“Many of the success stories we enjoyed in 2009 revolved around income guarantees, especially riders on variable annuities that allow clients to capture market gains while also providing a floor when equities turn south,” says Benjamin Hill. “Although VA investment subaccounts were negatively impacted by the markets this past year, clients’ incomes did not diminish–in some cases they even rose–because of the product guarantees.”
Hill, a financial planner and principal of Hill Financial Advisors, Westlake Village, Calif., says that VAs offering guaranteed minimum income and withdrawal benefits will maintain a prominent place in income planning strategies in 2010. Because individual retirement accounts suffered such severe losses during the economic downturn, clients increasingly are turning to vehicles that can withstand, and benefit from, market fluctuations.
The VA guarantees give clients the confidence to invest more aggressively than they would otherwise feel comfortable doing in a down economy, he adds.
How much longer VA manufacturers can make good on these guarantees remains, an open question, however. As insurers’ own investment portfolios also got wacked during the recession, they now have to shore up their capital reserves. To that end, sources says, some carriers are instituting less attractive guarantees, dropping them, or raising fees for the optional riders.
Says Hill: “This past year, a number of insurers reduced their guarantees on products and increased expenses. It’s amazing how quickly they’ve changed prices and features to adjust to the current economic realities.”
John Henry McDonald, a chartered financial consultant and founder of Austin Asset Management Co, Austin, Tex., agrees, adding: “The poor investment performance of the life insurers will likely affect annuity payouts. The low portfolio returns have already resulted in higher premiums on term insurance.”
The financial troubles of carriers have not gone unnoticed by advisors. As financial institutions with once sterling reputations teetered on the brink of collapse, sources say, inquiries about the financial strength of life insurers have taken on added importance in client engagements.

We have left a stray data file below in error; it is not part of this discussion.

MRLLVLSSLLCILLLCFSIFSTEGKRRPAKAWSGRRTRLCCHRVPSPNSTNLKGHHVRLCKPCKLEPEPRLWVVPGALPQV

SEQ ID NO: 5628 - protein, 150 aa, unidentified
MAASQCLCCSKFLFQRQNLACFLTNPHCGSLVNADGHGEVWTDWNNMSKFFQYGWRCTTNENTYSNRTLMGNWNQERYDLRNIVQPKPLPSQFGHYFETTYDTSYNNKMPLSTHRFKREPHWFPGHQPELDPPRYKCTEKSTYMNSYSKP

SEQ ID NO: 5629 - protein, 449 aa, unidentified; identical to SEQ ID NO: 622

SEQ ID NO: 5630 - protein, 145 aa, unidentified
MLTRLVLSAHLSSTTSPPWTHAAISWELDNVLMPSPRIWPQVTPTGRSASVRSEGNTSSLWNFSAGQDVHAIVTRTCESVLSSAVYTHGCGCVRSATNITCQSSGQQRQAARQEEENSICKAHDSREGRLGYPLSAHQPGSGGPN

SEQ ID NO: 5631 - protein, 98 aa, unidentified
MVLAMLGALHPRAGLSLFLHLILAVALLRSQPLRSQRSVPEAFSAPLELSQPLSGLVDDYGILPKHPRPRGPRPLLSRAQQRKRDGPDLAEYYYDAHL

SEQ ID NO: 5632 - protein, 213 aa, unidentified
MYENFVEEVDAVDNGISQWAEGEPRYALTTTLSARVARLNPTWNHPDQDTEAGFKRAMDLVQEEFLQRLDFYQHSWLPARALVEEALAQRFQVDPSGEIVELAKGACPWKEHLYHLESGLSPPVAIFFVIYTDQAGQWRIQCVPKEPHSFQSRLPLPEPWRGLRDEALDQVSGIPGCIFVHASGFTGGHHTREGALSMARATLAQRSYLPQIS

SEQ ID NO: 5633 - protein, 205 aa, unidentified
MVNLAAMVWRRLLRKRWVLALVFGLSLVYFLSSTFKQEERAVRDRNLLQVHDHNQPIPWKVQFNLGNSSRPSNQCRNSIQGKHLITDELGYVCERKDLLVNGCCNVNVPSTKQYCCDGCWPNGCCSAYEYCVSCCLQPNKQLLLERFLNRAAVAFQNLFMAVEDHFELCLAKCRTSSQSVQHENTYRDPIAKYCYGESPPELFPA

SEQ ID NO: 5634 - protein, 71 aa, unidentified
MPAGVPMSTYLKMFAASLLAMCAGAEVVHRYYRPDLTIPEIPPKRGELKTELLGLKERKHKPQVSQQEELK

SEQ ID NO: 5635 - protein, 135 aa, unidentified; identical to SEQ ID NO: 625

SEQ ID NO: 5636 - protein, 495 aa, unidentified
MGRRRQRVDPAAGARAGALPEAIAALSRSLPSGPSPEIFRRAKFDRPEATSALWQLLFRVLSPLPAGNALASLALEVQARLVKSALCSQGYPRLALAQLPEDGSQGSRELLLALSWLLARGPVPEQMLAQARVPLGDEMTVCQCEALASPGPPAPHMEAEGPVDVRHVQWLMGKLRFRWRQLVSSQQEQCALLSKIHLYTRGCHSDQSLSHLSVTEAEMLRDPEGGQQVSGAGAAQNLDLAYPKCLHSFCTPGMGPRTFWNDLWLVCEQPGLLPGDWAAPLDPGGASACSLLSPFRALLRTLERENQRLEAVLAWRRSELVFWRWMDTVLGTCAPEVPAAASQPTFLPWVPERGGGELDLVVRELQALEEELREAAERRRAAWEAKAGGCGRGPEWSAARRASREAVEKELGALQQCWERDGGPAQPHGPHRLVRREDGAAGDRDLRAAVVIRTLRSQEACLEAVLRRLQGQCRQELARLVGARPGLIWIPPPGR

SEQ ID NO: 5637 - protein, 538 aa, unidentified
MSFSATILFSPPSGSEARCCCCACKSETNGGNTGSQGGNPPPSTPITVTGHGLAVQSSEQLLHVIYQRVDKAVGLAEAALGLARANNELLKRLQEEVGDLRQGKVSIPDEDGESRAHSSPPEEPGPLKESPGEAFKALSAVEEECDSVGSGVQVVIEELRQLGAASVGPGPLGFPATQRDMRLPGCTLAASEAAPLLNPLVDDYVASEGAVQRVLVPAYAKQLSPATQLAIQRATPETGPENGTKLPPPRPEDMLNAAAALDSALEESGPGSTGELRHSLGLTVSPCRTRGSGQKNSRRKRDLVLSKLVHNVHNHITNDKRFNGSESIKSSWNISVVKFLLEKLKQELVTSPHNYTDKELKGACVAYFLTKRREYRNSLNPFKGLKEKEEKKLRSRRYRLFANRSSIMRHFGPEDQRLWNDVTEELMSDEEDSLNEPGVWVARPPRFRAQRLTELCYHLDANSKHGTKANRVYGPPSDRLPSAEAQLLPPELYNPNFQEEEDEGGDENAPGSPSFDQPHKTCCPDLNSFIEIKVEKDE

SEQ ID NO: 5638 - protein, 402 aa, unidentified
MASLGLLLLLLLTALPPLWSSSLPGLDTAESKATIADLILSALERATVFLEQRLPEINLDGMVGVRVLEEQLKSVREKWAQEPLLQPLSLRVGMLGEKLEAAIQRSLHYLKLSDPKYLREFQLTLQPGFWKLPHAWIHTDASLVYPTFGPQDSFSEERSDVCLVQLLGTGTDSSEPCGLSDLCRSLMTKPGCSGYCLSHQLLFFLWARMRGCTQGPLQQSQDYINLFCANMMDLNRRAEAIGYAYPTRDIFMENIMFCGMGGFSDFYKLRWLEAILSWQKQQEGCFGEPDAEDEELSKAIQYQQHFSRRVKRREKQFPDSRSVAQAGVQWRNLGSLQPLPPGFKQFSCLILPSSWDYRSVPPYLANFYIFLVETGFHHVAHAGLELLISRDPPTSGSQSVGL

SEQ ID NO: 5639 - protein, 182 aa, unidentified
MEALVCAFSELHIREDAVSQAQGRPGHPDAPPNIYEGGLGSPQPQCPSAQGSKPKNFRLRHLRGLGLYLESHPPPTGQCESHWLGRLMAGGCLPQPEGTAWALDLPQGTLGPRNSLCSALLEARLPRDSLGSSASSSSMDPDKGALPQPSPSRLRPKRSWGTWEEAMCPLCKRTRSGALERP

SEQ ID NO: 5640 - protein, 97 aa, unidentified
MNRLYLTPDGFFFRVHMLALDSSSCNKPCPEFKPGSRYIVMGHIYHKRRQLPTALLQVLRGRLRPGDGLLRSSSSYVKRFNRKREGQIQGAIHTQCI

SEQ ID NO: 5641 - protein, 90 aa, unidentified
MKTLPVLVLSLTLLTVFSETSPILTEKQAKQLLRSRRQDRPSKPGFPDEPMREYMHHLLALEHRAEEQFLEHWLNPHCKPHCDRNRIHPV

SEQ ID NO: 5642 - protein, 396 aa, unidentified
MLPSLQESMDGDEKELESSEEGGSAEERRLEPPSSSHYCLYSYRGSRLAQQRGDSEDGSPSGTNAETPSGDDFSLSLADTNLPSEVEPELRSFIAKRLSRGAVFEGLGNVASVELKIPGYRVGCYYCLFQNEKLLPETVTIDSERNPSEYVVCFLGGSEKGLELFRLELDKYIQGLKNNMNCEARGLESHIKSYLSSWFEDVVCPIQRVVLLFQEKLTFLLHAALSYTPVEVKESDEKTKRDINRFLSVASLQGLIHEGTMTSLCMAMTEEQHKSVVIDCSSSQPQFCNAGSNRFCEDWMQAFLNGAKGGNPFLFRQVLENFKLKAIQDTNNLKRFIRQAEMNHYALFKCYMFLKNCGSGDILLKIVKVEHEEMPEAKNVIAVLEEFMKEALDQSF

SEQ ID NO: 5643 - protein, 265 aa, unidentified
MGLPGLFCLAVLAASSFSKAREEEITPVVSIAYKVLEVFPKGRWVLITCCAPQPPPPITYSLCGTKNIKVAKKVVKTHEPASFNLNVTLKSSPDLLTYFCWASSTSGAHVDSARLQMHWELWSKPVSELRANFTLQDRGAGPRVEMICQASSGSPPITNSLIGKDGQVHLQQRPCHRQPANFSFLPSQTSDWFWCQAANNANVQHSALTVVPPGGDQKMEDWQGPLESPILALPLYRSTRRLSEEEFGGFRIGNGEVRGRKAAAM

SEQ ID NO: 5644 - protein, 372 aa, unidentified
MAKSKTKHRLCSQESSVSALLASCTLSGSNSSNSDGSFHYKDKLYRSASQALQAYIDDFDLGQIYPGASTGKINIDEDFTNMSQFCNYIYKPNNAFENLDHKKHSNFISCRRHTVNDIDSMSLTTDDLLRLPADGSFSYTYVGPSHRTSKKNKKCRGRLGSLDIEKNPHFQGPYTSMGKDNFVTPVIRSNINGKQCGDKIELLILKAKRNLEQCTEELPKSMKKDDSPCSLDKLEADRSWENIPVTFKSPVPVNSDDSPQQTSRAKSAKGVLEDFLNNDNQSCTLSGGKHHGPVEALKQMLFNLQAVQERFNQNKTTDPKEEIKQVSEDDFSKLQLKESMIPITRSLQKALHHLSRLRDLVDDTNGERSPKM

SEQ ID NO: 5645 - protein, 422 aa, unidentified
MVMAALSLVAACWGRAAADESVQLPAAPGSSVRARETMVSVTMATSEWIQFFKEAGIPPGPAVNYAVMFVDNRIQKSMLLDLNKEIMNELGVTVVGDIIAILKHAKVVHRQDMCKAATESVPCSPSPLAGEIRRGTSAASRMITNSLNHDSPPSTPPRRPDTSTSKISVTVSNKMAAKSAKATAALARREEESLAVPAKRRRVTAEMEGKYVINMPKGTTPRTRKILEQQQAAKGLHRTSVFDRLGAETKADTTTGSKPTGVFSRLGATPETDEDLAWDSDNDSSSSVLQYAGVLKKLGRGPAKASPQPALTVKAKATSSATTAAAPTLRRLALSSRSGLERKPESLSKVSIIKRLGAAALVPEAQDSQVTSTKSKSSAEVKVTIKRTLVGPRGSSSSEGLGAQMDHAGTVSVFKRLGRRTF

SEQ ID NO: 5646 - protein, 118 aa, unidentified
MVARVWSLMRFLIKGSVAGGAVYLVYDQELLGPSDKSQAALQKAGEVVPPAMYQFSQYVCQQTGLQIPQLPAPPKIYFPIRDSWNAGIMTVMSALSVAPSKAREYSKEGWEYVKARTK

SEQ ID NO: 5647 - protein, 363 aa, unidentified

The heighted caution is reflected in advisors’ product and plan recommendations. “Prudence now rules,” says Bruce Brittain, a principal at Brittain Financial Advisors, Highland, Utah. “Anything that might appear to be too aggressive I’ve removed from client conversations. In light of what’s happened to the economy, I’ve had to rethink everything I say and do in my practice.”
Products aside, what might put a damper on clients’ income plans would be more burdensome taxes, experts say. Advisors remain concerned, for example, about a possible reversion to the pre-2001 estate tax regime.
Under the Economic Growth and Tax Relief Reconciliation Act (EGTRRA) of 2001, the estate tax exemption and top tax rate, respectively $3.5 million per individual and 45%, are due to sunset for one year in 2010. If Congress does nothing–the U.S. House of Representatives voted on December 3rd to make the 2009 tax provisions permanent, but the Senate has yet to take action–the estate tax will revert in 2011 to the pre-2001 regime, capping the individual exemption at $1 million and the top tax rate at 55%.
Should Congress act to return to the pre-2001 framework even sooner, experts say, clients who until now were safely within the exemption limits would suddenly find themselves with an estate tax problem. That, in turn, could adversely impact retirement assets needed to fund income plans.
“If we go back to a $1 million exemption, then people with a $3 million portfolio and $5 million in net worth will have a huge tax issue,” says McDonald. “Assets that otherwise would be devoted to retirement could be eaten up funding a life insurance policy to pay the tax. For individuals in their 60s or 70s, particularly those with health problems, the premiums could be substantial.”
Life insurance might also come into play if, as observers expect, holders of traditional individual retirement accounts convert them to Roth IRAs next year. A $70 billion tax cut provision enacted in May of 2006 allows taxpayers with modified adjusted gross incomes of more than $100,000 to convert to a Roth IRA in 2010 and spread the income tax due on the transaction over the subsequent two years.